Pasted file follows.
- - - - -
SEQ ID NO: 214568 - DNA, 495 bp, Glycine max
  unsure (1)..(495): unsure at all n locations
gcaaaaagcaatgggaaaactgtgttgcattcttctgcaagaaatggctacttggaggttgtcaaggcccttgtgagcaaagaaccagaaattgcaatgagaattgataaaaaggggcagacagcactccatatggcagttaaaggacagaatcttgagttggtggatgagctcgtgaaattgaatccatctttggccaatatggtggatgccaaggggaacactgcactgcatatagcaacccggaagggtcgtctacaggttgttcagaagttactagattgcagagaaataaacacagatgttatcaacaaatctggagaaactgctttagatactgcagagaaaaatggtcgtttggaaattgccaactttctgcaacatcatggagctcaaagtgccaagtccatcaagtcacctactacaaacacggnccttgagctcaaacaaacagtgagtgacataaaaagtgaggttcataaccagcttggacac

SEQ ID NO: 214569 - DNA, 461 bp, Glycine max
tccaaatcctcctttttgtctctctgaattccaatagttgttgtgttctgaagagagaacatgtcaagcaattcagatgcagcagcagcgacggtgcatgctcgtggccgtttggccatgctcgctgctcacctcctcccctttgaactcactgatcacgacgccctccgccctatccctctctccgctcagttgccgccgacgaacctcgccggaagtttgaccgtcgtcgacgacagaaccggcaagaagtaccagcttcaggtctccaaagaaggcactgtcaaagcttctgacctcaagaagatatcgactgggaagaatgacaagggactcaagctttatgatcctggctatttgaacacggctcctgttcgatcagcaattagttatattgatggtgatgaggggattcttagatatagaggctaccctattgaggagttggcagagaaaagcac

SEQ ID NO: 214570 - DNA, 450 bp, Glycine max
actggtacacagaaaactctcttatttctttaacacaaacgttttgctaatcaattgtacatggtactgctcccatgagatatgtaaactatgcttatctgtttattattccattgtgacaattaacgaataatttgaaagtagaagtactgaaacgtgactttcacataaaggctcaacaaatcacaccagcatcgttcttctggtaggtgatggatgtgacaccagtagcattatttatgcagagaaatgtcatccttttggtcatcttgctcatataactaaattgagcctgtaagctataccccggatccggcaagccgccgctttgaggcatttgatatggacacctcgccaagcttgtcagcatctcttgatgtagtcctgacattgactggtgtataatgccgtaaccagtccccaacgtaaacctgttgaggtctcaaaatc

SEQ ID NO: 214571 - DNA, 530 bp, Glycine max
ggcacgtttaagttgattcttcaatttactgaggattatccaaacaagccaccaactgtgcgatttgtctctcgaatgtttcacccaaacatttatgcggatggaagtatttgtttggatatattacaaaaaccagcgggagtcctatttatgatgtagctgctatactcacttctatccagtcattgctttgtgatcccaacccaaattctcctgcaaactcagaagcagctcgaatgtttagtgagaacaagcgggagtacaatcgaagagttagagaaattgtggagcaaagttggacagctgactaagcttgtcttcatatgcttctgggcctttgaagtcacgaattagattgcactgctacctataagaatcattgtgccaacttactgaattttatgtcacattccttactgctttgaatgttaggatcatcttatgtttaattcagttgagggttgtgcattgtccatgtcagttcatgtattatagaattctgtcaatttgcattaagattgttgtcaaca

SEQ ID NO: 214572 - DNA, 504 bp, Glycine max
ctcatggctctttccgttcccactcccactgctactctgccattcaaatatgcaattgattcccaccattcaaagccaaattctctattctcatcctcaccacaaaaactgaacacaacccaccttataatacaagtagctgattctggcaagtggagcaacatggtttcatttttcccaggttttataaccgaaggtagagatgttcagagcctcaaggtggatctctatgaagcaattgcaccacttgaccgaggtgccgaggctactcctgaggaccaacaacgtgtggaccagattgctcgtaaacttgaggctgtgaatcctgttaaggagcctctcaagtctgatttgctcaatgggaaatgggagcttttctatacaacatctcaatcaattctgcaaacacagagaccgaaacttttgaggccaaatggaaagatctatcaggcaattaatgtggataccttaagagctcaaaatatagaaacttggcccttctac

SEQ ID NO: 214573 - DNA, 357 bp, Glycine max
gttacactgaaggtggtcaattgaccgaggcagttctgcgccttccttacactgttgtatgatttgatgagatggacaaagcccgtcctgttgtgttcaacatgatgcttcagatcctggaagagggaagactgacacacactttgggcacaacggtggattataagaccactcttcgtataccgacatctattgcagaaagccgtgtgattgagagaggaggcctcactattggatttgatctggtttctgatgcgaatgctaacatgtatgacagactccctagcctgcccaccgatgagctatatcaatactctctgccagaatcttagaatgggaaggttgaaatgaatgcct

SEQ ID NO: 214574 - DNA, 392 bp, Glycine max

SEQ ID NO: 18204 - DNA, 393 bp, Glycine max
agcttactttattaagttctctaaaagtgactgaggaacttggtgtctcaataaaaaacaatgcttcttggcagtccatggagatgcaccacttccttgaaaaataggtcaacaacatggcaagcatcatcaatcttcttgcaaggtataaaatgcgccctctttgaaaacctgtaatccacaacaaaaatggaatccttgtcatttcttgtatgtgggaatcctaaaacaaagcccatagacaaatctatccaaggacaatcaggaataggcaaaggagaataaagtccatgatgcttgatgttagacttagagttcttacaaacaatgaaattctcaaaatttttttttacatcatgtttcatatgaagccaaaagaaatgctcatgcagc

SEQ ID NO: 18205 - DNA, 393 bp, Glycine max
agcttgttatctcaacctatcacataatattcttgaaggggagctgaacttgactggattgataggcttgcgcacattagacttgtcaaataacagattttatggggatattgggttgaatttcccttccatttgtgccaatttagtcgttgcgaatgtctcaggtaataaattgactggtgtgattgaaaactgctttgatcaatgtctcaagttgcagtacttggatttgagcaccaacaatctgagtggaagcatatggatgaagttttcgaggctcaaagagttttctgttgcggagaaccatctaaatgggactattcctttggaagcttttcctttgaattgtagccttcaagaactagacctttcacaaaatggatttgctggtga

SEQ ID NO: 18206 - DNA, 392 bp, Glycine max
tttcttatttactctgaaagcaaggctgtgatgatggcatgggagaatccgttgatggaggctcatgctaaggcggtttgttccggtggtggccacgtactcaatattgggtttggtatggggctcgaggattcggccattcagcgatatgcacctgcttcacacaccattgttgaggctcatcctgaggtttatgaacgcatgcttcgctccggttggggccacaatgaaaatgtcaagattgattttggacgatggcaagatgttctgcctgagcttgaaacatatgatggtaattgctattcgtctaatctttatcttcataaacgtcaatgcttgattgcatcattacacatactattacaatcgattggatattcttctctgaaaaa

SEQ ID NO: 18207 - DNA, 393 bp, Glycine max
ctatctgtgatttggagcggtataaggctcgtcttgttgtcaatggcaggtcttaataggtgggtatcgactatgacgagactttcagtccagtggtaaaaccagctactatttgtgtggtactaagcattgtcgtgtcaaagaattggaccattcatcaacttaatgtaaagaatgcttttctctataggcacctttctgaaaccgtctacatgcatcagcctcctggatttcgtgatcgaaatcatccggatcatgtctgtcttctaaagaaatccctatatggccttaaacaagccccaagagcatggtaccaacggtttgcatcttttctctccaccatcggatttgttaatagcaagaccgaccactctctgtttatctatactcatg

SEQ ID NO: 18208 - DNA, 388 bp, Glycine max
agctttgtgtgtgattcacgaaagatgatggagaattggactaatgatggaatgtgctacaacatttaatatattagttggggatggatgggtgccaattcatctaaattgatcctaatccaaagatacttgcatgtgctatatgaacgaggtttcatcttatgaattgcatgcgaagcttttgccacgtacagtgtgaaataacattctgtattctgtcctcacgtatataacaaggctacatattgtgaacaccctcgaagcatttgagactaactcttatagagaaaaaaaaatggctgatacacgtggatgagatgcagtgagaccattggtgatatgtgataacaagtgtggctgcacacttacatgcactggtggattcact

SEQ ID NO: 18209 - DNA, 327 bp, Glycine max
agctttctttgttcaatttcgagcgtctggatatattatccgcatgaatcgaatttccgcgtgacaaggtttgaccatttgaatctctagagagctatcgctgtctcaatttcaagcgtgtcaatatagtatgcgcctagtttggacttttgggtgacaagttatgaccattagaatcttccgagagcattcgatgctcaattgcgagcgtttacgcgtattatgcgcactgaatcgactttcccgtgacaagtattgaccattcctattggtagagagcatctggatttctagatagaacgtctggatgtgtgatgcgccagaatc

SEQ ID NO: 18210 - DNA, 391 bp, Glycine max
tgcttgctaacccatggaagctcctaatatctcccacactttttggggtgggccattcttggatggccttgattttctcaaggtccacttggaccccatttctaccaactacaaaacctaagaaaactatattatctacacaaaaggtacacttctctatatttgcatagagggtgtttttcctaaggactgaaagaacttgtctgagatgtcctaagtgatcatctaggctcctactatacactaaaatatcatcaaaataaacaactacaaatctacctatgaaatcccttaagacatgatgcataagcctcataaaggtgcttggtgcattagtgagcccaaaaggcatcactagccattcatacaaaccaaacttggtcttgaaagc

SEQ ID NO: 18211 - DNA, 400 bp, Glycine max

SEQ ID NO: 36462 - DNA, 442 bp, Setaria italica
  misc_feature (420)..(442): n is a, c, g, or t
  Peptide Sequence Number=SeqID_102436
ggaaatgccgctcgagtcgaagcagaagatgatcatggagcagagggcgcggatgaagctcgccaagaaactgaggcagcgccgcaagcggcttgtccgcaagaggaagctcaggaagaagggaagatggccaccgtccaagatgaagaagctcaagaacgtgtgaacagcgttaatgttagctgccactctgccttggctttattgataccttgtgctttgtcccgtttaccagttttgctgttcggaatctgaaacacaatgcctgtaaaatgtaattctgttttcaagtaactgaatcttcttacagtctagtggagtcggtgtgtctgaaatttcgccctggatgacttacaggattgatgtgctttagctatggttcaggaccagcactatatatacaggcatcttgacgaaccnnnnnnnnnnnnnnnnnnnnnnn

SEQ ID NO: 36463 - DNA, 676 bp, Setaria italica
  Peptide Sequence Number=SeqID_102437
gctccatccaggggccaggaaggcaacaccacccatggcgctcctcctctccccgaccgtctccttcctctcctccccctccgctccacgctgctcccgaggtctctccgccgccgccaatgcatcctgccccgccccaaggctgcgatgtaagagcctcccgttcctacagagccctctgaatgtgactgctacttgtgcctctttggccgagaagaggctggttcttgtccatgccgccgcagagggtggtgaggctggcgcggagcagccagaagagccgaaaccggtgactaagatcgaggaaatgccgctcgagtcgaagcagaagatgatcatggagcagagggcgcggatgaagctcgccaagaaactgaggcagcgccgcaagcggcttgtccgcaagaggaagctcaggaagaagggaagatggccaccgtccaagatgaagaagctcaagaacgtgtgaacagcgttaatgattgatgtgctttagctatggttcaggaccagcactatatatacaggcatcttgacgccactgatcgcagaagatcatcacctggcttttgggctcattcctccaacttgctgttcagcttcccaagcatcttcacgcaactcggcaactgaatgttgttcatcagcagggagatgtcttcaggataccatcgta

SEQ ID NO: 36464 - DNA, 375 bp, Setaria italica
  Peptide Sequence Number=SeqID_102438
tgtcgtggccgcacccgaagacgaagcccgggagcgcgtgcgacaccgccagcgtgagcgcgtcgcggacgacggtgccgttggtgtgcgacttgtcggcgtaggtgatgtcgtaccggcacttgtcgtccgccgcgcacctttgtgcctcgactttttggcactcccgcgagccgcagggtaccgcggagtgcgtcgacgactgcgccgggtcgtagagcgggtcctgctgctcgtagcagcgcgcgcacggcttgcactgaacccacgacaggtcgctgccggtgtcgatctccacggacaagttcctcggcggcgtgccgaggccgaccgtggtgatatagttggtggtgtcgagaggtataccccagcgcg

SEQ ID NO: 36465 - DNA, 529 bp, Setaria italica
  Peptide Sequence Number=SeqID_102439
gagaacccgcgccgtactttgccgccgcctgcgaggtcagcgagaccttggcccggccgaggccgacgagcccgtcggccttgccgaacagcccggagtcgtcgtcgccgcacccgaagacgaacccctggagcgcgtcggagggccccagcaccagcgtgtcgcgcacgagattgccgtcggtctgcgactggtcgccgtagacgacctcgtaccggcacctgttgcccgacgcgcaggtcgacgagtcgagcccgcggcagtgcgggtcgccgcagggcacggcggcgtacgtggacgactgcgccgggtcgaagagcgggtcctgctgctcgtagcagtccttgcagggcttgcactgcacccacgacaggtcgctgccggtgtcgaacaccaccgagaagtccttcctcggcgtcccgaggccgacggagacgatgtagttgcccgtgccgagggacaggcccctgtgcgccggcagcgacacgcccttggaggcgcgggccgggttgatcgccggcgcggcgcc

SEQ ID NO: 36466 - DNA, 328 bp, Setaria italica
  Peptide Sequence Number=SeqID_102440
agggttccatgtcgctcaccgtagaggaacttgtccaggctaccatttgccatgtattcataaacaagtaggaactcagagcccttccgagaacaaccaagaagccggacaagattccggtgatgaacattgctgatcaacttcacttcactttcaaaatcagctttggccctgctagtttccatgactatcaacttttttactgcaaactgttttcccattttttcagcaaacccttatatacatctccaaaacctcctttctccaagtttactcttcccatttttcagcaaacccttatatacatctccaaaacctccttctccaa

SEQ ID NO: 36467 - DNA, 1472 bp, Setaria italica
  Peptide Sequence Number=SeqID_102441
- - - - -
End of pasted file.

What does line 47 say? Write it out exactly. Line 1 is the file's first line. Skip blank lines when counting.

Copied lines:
  Peptide Sequence Number=SeqID_102441